Merkel win could invigorate Franco-German partnership

16th September 2005, Comments 0 comments

PARIS, Sept 16 (AFP) - A victory for German conservative opposition leader Angela Merkel in elections this weekend could provide a kickstart to the stuttering Franco-German motor that has driven the European Union for decades, analysts say.

PARIS, Sept 16 (AFP) - A victory for German conservative opposition leader Angela Merkel in elections this weekend could provide a kickstart to the stuttering Franco-German motor that has driven the European Union for decades, analysts say.

Even though French President Jacques Chirac appears to have a cooler personal relationship with Merkel than with current German Chancellor Gerhard Schroeder, several observers believe a sudden re-evaluation of the so-called Paris-Berlin "axis" could give it new life.

"There's something mechanical today in the Franco-German relationship that needs to be given new legitimacy," said Jean-Dominique Giuliani, the head of the Robert Schuman foundation in Paris.

Both France and Germany have been weakened within the European Union over the past three years --  France through its voters' rejection of a European constitution, and both through the introduction of 10 new EU members last year and their respective economic problems.

Fundamentally, however, there is no desire to change the partnership that gave rise to today's 25-member European bloc from roots that date back to the 1951 steel and coal pact.

French Prime Minister Dominique de Villepin has said that the link cannot be altered "by any election".

And Merkel herself has said the Franco-German motor would continue if she became chancellor, through she stated it would not be an "exclusive" relationship nor one directed against other EU members.

Merkel's Christian-Democrat Union (CDU) is on track to triumph in Sunday's elections over Schroeder's Social-Democrat Party (SPD) despite a recent slip in support, according to the latest polls.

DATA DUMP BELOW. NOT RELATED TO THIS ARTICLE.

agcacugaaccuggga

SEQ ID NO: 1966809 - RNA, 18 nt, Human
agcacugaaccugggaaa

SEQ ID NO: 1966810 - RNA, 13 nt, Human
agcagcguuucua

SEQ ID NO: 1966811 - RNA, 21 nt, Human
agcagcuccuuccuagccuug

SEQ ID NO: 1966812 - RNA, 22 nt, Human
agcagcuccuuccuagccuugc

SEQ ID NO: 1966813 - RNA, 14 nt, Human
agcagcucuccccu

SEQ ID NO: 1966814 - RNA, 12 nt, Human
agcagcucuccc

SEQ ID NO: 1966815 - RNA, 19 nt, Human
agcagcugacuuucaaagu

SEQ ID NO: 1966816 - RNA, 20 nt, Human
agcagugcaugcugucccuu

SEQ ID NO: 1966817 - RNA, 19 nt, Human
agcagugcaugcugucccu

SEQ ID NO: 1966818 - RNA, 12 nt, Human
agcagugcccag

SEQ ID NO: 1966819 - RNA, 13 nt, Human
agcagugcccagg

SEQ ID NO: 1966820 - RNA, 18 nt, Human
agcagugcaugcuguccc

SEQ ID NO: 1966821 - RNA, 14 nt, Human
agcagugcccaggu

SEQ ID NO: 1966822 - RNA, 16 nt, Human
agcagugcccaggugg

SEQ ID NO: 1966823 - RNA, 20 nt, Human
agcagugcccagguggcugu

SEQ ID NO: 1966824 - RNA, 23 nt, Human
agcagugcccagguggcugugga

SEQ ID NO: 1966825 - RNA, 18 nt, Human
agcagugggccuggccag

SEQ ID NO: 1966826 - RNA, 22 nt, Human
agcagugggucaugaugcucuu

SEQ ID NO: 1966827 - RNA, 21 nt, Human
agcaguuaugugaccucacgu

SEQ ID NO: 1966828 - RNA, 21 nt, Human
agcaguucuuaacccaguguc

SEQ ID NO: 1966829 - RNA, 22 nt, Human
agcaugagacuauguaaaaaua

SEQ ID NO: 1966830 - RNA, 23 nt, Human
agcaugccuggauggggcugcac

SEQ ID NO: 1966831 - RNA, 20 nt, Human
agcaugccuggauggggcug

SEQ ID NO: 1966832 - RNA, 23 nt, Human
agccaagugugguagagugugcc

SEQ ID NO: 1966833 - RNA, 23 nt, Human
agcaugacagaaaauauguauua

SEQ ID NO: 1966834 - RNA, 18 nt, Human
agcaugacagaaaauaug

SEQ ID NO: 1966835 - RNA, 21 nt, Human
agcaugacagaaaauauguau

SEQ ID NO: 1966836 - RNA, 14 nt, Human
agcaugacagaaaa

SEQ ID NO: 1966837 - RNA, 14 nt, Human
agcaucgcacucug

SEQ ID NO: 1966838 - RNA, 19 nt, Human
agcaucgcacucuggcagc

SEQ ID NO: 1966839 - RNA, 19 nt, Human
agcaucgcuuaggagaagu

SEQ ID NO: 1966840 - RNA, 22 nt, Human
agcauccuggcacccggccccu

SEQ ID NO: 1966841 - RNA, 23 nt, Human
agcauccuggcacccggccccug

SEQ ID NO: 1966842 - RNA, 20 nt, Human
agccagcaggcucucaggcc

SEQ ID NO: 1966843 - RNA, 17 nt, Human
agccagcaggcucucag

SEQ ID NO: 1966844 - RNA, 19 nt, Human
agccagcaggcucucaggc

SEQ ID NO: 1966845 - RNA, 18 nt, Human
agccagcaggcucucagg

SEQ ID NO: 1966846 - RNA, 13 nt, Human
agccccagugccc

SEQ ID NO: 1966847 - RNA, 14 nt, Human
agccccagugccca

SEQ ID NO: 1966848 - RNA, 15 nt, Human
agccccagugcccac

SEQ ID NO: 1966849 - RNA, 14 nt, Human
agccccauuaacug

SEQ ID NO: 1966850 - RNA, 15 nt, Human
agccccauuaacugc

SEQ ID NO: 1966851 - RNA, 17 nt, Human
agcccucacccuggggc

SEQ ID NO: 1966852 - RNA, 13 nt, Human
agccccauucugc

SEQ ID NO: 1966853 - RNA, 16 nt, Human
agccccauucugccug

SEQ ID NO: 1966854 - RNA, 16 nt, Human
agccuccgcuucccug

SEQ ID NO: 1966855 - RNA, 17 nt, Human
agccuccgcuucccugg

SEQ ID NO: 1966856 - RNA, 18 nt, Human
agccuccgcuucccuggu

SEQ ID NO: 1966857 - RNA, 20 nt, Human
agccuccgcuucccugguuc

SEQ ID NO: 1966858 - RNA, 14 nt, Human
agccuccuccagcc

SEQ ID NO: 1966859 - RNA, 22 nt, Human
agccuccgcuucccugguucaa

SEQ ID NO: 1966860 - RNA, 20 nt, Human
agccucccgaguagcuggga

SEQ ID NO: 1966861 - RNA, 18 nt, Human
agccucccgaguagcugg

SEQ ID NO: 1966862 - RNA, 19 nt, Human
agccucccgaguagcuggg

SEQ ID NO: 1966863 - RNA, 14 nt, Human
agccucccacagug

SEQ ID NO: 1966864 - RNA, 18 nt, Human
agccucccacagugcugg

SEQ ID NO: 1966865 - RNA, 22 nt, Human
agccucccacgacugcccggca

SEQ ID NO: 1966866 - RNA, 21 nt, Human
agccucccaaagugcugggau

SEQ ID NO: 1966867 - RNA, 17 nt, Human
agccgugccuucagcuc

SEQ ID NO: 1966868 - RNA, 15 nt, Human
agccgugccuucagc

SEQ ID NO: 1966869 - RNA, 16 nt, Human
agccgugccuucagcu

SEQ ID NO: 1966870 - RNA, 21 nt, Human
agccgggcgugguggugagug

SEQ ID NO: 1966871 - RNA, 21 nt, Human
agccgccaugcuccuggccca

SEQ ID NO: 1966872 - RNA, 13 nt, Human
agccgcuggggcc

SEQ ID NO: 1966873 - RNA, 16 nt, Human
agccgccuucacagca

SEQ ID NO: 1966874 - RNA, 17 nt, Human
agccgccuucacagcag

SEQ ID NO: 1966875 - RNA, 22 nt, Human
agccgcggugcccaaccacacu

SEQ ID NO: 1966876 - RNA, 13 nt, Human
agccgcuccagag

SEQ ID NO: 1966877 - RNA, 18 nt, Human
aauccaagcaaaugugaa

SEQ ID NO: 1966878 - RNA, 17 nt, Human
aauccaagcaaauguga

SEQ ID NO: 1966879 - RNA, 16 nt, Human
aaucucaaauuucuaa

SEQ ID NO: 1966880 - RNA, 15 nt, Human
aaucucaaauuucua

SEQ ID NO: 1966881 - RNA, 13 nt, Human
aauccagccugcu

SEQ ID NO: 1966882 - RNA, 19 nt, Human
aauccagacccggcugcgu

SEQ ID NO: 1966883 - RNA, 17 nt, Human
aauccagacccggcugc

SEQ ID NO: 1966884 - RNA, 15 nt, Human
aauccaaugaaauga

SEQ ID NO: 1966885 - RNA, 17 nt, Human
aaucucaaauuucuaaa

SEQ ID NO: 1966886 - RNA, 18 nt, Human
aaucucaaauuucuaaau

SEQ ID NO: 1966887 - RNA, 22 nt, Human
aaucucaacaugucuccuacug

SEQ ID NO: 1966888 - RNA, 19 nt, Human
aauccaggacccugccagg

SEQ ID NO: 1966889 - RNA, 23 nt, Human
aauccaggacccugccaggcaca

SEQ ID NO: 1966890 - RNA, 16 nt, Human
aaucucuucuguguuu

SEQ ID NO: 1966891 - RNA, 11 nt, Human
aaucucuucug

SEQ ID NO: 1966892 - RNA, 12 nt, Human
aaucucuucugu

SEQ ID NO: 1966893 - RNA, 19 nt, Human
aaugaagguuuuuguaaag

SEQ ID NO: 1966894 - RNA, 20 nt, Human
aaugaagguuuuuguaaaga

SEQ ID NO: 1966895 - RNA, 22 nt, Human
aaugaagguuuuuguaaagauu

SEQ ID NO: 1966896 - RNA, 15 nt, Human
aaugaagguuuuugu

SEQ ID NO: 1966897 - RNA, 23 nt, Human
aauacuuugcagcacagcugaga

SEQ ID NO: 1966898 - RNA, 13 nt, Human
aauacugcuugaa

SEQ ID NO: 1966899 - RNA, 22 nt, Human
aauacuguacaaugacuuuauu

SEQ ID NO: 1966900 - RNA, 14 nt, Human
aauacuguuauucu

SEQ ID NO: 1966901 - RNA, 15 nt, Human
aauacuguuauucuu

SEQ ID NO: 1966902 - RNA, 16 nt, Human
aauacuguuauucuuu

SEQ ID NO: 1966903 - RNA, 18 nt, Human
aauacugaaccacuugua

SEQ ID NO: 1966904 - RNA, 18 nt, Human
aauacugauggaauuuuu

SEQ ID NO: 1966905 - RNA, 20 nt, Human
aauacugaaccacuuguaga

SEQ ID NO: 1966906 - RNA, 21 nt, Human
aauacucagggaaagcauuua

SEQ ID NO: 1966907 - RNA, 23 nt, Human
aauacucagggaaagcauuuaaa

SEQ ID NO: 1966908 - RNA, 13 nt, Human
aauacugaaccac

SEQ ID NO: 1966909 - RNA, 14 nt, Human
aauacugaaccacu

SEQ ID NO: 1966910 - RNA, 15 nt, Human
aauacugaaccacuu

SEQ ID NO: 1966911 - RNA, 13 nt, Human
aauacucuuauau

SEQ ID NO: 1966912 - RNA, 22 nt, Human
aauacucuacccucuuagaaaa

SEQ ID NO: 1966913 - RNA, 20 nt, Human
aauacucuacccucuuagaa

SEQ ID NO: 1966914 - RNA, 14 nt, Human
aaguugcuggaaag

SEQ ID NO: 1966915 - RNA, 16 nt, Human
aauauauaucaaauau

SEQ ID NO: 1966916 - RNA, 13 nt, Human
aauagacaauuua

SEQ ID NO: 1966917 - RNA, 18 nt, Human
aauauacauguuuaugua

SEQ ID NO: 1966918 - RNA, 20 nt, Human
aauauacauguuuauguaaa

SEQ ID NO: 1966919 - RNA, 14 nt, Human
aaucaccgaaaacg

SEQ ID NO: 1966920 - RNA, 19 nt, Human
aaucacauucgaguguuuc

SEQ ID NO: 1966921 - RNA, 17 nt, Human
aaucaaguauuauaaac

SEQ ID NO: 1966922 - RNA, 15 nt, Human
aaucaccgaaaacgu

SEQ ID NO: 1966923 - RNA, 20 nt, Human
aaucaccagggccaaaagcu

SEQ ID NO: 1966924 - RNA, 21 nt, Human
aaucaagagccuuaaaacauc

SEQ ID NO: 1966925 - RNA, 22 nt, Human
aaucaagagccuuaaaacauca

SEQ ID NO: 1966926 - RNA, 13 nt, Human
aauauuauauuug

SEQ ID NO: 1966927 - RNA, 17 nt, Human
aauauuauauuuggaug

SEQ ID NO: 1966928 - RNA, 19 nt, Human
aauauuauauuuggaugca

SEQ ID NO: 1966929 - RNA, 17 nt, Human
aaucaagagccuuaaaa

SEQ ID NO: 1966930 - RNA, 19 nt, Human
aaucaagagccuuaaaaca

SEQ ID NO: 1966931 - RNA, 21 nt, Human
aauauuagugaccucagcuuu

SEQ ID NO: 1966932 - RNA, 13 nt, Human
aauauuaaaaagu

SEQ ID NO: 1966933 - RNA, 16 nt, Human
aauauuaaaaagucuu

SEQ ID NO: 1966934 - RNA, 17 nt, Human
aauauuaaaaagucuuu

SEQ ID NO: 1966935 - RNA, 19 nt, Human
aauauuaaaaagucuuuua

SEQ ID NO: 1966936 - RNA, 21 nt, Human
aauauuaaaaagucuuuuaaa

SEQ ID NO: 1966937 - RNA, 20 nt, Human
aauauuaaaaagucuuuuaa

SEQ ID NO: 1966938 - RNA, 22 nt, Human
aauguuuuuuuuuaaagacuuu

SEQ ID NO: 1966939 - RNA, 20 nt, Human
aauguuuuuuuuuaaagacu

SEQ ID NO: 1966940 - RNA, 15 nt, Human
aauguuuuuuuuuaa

The pastor's daughter from the former communist East Germany has signalled she would maintain several foreign policy positions, including support for environmental protection and the International Criminal Court -- both issues that align with Chirac's views.

She is vehemently opposed to Turkey's bid to join the European Union. Chirac, after initially enthusiastically supporting Ankara, has become more ambivalent on the subject after the French electorate made clear its resistance to the idea.

Merkel was also likely to continue the current government's softly-softly approach on human rights in both Russia and China but stop short of echoing Schroeder's and Chirac's call to lift the EU arms embargo against Beijing.

France can also expect a Germany under Merkel to keep up its efforts, along with Britain, to curtail Iran's efforts to develop a disputed nuclear programme.

Aurore Wanlin, an analyst at the Centre for European Reform in London, said Chirac and Schroeder  "have succeeded in working closely together, but purely in the tactical defence of common interests," such as the Common Agriculture Policy, the EU budget and Iraq.

"It's a motor which is revving with nowhere to go," Wanlin said.

For Sylvie Goulard, a specialist in the Franco-German relationship and a lecturer at the College of Europe in the Belgian city of Bruges, Merkel "will challenge some of the Schroeder-Chirac missteps, and that's a good thing."

But another analyst, Guillaume Durand, of the European Policy Centre in Brussels, said the Chirac-Merkel relationship "hasn't gotten off to a good start."

Chirac's decision to see Schroeder in the eastern town of Rheinsberg at the end of the German electoral campaign period was "viewed very badly by the Merkel camp," he said, although Chirac cancelled the meeting when he was hospitalised with a vascular problem.

Merkel has also been distanced from Chirac by her position that Germany should not give preferential treatment to Russia over Poland, and that it should seek to overcome the differences over Iraq with Washington.

In the end, though, a long-awaited turnaround in the economic fortunes of the two countries may be the impetus to revive their partnership.

"The basis of the problems in the Franco-German relationship are economic in nature," said Giuliani.

"Merkel comes down more on the side of (British Prime Minister) Tony Blair than on the French side," said Wanlin. "But she is going to find herself in the same position as Gerhard Schroeder: relying on the French, for the budget or the CAP, is often easier."

Copyright AFP

Subject: French news

0 Comments To This Article